The end result is that Done and all of the associated metrics happen after your development organization designs, implements, integrates, tests, and verifies that a solution is likely to be correct. Your agile approaches should help you to continually refine your understanding of the customer needs and what is necessary to have work be Done.

The incentive for the other organization to conduct their testing and carry out their feedback is that is how they know when you are done and can stop paying you to develop the system, or perhaps switch from a development-mode contract to a lighter support-mode contract. Until they accept the solution and their feedback is that no additional work is necessary (or doing more work would cost more than the value the work would deliver), then you'd continue to burn through your backlog and eventually get through the musts into the shoulds and coulds.


To address just your second question (as the first is covered quite good by the answer from @ThomasOwens)

They want metrics to show how close we are to being complete. How do you do this while you're in the middle of creating the requirements, and thus "complete" is a moving target?

One way to show how close you are to being complete when complete is a moving target is to use a burn-up chart.

Such a chart has the amount of work on the Y axis (in points, hours or whatever unit you use for estimates) and time on the X axis. The chart also has 2 lines. One line shows the total amount of work that means the work is complete according to the knowledge at that point in time. The other line shows the amount of work completed up to that point in time.

The gap between the lines shows how far from complete you are. The changes in the first (upper) line also show how the target of "complete" is shifting over time due to added requirements and/or revised estimates. (And if you are estimating in hours, the line could also change if the actual time to complete a work package is different from the estimate.)

Such a graph might also make it easier to digest for the customer why you are reporting 60% completion on the project last week and it dropped to 40% today after a bunch of new requirements were added.


...the two problems we encountered with scrum (stuff never gets tested, no metrics to show when project will be complete) seem to exist just as much with Kanban ...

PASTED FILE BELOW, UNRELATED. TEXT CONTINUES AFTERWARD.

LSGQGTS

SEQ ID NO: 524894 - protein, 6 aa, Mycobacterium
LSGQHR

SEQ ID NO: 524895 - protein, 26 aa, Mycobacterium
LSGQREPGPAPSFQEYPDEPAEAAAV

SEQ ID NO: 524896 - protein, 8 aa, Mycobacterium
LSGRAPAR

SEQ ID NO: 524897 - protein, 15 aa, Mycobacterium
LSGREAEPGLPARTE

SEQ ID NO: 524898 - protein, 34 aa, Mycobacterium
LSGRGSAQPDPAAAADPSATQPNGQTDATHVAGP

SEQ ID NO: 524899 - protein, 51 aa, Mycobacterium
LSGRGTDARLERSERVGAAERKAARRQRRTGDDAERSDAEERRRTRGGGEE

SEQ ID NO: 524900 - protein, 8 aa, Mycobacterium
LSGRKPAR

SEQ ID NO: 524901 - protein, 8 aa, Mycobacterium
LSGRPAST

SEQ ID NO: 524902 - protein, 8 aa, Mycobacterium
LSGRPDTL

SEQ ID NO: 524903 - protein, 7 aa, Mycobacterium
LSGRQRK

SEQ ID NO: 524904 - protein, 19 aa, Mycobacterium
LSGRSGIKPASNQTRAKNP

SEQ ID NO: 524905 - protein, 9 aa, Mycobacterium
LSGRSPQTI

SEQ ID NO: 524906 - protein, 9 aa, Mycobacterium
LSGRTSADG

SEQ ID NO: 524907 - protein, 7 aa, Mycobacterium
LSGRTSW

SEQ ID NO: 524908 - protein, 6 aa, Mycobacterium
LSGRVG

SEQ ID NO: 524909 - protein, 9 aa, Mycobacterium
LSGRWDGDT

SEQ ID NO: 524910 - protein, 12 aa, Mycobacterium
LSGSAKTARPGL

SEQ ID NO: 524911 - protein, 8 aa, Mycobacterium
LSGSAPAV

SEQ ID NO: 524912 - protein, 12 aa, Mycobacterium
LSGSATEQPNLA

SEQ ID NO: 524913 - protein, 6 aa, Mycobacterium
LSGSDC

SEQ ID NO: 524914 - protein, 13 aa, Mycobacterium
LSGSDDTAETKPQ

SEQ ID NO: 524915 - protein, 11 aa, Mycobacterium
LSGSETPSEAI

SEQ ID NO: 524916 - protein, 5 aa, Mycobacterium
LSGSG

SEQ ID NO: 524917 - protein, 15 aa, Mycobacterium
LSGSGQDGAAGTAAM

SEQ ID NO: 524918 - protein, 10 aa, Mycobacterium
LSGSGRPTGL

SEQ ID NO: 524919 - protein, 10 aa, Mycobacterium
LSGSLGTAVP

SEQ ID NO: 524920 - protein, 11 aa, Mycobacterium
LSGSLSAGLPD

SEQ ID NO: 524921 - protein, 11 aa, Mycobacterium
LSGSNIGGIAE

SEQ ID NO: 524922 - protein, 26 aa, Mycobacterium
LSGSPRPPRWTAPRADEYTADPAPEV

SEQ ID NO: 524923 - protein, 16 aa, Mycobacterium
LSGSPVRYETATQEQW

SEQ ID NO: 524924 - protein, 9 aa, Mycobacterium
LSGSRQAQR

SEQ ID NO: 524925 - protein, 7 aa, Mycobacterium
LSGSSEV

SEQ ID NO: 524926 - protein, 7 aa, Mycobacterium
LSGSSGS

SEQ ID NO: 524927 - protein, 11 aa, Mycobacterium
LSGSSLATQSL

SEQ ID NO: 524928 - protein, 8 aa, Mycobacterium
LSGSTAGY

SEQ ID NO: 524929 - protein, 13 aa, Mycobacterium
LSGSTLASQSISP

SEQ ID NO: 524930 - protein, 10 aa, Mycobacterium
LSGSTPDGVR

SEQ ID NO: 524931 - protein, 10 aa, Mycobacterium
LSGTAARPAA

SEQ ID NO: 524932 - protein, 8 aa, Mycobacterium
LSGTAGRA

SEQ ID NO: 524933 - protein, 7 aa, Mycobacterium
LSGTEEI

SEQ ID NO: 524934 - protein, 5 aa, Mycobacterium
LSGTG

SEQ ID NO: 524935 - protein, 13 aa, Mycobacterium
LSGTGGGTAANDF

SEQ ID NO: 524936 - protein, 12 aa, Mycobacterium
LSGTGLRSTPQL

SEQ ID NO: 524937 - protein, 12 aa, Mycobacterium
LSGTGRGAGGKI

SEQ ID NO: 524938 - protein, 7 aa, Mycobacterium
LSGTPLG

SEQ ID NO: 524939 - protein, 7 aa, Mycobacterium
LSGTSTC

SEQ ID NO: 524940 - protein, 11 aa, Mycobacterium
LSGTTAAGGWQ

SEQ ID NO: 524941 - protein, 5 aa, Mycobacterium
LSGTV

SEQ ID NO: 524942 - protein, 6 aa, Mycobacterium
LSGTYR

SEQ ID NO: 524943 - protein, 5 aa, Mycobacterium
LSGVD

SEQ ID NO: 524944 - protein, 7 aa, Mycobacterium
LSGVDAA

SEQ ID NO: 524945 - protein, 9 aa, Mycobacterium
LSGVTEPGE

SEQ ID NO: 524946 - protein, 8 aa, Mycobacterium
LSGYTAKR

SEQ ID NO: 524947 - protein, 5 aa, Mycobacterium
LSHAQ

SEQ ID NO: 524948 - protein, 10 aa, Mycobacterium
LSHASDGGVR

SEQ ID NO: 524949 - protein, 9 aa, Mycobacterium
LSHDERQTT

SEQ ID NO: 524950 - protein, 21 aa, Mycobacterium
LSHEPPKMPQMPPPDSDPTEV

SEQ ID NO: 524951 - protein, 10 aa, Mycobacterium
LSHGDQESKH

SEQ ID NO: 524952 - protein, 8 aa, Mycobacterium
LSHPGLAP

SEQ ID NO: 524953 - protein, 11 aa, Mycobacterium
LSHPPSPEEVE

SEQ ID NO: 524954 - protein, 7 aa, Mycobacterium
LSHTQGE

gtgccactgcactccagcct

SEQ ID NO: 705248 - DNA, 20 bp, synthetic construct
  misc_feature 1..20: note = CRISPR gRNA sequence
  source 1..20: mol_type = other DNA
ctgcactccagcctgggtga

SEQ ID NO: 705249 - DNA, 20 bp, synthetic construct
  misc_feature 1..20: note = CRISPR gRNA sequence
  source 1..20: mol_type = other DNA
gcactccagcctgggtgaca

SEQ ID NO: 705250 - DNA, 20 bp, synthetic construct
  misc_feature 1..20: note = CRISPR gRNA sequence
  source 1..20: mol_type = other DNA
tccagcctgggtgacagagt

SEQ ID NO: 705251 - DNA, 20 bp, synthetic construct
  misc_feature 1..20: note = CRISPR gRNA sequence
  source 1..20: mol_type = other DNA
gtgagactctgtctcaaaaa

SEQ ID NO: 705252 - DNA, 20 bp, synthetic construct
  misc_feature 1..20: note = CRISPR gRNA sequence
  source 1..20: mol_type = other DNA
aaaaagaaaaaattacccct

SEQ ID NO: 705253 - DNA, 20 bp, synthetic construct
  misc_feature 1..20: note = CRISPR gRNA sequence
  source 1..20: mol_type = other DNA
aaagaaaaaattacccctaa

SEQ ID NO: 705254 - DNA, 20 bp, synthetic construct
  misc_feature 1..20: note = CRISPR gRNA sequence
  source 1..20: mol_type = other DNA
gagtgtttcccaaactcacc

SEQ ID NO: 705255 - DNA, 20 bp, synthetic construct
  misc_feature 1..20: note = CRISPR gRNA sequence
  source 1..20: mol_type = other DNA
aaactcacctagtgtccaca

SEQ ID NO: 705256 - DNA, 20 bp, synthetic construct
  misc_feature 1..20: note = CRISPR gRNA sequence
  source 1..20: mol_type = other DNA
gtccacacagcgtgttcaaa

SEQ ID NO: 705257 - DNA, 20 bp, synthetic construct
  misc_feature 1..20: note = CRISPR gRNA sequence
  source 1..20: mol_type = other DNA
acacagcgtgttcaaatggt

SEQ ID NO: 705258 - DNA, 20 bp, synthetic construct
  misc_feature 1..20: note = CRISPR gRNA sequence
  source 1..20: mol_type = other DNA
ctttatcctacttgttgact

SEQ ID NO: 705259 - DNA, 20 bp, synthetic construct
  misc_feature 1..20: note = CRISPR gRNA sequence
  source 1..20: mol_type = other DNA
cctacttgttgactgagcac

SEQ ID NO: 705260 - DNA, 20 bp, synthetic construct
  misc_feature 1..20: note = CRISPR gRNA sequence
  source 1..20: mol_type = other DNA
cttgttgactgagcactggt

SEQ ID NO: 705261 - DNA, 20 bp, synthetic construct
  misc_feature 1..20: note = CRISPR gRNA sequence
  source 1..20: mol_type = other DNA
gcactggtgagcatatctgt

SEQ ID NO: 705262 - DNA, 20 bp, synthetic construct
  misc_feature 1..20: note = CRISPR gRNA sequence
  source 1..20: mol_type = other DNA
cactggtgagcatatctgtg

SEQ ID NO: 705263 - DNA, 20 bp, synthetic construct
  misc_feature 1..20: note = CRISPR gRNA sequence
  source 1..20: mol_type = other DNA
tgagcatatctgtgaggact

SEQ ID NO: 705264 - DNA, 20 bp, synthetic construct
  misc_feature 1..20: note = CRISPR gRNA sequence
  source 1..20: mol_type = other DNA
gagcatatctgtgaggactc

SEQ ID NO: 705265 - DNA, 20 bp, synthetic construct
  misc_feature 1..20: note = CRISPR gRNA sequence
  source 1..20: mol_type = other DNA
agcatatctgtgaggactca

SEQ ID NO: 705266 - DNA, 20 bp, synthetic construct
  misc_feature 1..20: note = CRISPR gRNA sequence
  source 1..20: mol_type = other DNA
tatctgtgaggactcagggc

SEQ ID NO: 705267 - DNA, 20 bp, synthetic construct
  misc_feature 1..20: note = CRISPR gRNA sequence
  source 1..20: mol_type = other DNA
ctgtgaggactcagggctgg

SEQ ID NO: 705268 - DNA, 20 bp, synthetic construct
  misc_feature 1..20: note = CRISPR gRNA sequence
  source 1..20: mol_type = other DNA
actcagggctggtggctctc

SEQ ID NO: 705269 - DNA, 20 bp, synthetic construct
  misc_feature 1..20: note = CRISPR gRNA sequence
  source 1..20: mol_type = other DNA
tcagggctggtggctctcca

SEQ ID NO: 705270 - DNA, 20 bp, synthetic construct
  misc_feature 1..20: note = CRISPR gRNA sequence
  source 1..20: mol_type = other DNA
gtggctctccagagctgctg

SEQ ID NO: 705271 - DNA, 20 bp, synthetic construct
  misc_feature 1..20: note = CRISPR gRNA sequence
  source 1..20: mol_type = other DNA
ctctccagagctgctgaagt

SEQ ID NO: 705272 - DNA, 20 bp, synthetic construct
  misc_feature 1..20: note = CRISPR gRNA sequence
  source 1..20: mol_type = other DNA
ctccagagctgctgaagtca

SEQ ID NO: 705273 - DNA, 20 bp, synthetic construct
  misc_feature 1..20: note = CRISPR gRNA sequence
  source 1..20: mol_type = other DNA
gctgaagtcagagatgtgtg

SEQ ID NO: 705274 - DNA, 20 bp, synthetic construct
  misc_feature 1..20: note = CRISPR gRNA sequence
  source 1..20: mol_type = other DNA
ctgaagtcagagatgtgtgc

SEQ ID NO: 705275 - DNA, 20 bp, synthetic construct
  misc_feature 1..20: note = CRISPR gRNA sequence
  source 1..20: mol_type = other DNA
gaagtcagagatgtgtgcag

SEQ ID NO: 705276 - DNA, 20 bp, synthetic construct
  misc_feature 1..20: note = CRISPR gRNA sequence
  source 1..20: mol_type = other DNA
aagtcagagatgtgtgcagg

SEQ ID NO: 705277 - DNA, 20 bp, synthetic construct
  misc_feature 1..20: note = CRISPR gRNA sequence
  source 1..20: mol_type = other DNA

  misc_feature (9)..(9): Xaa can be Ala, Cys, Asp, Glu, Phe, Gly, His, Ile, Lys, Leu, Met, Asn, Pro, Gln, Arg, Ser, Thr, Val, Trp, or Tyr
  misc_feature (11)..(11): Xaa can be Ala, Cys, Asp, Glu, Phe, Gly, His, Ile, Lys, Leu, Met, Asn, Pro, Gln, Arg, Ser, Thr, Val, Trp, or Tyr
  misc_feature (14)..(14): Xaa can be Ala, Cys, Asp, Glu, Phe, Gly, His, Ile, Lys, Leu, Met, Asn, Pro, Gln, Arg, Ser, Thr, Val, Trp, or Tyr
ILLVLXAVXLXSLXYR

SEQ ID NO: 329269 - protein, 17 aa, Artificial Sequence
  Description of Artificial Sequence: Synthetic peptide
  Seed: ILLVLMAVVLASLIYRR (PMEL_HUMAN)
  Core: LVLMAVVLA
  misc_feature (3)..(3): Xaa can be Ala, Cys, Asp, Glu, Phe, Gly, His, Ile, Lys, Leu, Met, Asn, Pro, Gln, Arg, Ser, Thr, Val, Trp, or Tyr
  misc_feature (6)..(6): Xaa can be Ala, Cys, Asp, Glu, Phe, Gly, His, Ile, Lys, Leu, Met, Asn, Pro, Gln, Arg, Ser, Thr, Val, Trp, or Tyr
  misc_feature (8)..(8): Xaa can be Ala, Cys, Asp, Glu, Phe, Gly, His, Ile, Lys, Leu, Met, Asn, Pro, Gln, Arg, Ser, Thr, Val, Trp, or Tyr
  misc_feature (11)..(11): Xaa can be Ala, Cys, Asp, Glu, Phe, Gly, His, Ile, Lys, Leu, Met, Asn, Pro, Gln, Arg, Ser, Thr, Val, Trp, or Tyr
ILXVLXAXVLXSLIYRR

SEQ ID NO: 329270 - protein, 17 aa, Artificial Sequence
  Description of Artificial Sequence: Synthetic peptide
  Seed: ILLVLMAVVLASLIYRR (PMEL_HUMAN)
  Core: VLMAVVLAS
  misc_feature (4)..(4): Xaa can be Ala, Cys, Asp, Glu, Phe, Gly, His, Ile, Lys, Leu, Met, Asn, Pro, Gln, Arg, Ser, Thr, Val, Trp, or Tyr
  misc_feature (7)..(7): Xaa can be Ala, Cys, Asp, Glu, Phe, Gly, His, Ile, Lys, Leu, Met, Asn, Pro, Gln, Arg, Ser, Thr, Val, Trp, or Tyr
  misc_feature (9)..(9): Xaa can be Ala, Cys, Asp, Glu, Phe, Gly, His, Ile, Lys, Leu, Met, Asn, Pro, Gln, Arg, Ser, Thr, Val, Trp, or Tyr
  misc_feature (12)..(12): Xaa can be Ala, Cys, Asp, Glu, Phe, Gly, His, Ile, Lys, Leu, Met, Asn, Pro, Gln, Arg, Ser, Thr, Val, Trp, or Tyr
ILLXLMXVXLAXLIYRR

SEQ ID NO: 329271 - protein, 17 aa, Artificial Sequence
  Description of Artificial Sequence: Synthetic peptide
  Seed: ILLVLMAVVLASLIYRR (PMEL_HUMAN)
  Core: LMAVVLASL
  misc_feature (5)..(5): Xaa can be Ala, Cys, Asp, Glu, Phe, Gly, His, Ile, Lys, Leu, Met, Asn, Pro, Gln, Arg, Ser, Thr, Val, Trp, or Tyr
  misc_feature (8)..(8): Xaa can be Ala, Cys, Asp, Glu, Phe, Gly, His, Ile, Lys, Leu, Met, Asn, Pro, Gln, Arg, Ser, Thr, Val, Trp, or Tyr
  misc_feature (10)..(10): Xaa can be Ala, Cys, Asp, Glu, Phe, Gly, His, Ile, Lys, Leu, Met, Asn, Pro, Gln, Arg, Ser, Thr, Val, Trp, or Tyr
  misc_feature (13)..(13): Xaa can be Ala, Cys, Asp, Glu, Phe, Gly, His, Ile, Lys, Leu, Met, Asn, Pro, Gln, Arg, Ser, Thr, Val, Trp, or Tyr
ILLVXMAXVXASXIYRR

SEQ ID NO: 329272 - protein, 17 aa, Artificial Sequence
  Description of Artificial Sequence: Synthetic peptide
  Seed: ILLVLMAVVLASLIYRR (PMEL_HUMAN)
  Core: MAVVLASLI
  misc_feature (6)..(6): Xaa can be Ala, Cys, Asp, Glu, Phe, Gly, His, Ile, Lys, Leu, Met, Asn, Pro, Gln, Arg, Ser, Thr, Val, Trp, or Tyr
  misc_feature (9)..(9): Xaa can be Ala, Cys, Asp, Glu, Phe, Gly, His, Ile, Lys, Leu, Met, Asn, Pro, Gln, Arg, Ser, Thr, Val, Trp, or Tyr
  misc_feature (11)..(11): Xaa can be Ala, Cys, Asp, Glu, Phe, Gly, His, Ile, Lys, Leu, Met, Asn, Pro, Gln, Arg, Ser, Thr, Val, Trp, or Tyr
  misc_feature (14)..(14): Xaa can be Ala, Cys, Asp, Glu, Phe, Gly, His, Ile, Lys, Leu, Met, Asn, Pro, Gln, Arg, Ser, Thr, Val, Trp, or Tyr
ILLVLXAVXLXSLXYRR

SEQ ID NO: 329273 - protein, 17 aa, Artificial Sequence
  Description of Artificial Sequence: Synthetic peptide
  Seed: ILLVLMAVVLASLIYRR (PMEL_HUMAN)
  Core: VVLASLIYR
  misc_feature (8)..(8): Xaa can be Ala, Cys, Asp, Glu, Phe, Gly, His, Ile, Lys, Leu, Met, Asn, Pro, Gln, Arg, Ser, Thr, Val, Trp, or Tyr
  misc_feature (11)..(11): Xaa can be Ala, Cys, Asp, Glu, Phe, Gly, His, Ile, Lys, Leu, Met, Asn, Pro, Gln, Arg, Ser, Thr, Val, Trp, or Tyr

This is fairly simple to address, as your true problem is not Scrum or Kanban, but rather the assumption that a Scrum or Kanban task board in Jira is enough to give you the insight (metrics) you need.

You also need (a) a high level product backlog/roadmap that can be used for estimating and reporting completion and (b) a reliable test process, within your control.

Use a product or epic roadmap to estimate and report when the project will be complete:

How close you are to completion can be monitored, estimated and reported in Jira by looking at the % of the user stories (or epics) completed in relation to the total number of user stories (or epics) in the original product requirements. Without a checklist of any kind there is no way you can estimate completion and/or total costs.

Tasks can’t be moved to “done” because things don’t get tested:

The definition of done has to be in your control. Either hire a test manager to make sure it gets done and is in with your control, or remove the “externally tested” step from your board. Board metrics are only useful if they measure your performance in a process you control, so that you can predict future performance for tasks in a process you control.

You sort of answered your own question when you said:

... we're not really doing scrum ...

An underlying assumption behind both the Scrum board and a Kanban board is that the tasks can and shall be completed by the team/resources using the board. A velocity is only a useful metric if can be used to estimate the future performance of those same team resources, against a known set of goals.

The Kanban board assumption is that the tasks are of a similar size, without much uncertainty, and helps you measure throughput. Again, knowing your throughput is only helpful in estimating completion if it gives you your team’s throughput per resource. An estimation of completion or cost for a set number of similar tasks must assume that “done” is within your control, and that throughput will be fairly consistent.